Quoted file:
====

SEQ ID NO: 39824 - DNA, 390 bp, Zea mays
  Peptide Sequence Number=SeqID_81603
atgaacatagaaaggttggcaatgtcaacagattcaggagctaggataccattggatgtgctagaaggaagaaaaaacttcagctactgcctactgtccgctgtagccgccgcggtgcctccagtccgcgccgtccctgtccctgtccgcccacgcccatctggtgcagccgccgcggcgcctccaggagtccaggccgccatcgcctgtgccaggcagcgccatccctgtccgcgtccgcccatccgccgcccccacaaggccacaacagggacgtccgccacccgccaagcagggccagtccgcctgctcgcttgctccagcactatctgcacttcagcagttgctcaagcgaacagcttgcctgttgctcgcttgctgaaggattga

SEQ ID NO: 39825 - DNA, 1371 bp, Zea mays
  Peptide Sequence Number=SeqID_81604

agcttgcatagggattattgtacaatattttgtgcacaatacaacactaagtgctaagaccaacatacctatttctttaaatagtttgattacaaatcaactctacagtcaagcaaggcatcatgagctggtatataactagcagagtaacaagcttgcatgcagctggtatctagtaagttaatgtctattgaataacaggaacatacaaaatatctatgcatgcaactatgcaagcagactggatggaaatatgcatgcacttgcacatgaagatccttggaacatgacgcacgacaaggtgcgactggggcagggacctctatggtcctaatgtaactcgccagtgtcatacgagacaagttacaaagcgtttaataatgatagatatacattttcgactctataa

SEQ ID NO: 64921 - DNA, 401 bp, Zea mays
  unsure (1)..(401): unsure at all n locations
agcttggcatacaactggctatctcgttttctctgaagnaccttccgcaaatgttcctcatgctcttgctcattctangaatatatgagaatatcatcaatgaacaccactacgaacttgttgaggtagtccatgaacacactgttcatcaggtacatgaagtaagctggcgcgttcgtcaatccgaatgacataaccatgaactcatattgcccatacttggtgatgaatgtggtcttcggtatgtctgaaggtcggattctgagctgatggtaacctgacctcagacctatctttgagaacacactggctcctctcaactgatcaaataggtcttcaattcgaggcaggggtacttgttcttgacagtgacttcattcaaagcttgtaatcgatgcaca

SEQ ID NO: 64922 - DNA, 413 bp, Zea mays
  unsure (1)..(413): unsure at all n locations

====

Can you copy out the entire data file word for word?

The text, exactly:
SEQ ID NO: 39824 - DNA, 390 bp, Zea mays
  Peptide Sequence Number=SeqID_81603
atgaacatagaaaggttggcaatgtcaacagattcaggagctaggataccattggatgtgctagaaggaagaaaaaacttcagctactgcctactgtccgctgtagccgccgcggtgcctccagtccgcgccgtccctgtccctgtccgcccacgcccatctggtgcagccgccgcggcgcctccaggagtccaggccgccatcgcctgtgccaggcagcgccatccctgtccgcgtccgcccatccgccgcccccacaaggccacaacagggacgtccgccacccgccaagcagggccagtccgcctgctcgcttgctccagcactatctgcacttcagcagttgctcaagcgaacagcttgcctgttgctcgcttgctgaaggattga

SEQ ID NO: 39825 - DNA, 1371 bp, Zea mays
  Peptide Sequence Number=SeqID_81604

agcttgcatagggattattgtacaatattttgtgcacaatacaacactaagtgctaagaccaacatacctatttctttaaatagtttgattacaaatcaactctacagtcaagcaaggcatcatgagctggtatataactagcagagtaacaagcttgcatgcagctggtatctagtaagttaatgtctattgaataacaggaacatacaaaatatctatgcatgcaactatgcaagcagactggatggaaatatgcatgcacttgcacatgaagatccttggaacatgacgcacgacaaggtgcgactggggcagggacctctatggtcctaatgtaactcgccagtgtcatacgagacaagttacaaagcgtttaataatgatagatatacattttcgactctataa

SEQ ID NO: 64921 - DNA, 401 bp, Zea mays
  unsure (1)..(401): unsure at all n locations
agcttggcatacaactggctatctcgttttctctgaagnaccttccgcaaatgttcctcatgctcttgctcattctangaatatatgagaatatcatcaatgaacaccactacgaacttgttgaggtagtccatgaacacactgttcatcaggtacatgaagtaagctggcgcgttcgtcaatccgaatgacataaccatgaactcatattgcccatacttggtgatgaatgtggtcttcggtatgtctgaaggtcggattctgagctgatggtaacctgacctcagacctatctttgagaacacactggctcctctcaactgatcaaataggtcttcaattcgaggcaggggtacttgttcttgacagtgacttcattcaaagcttgtaatcgatgcaca

SEQ ID NO: 64922 - DNA, 413 bp, Zea mays
  unsure (1)..(413): unsure at all n locations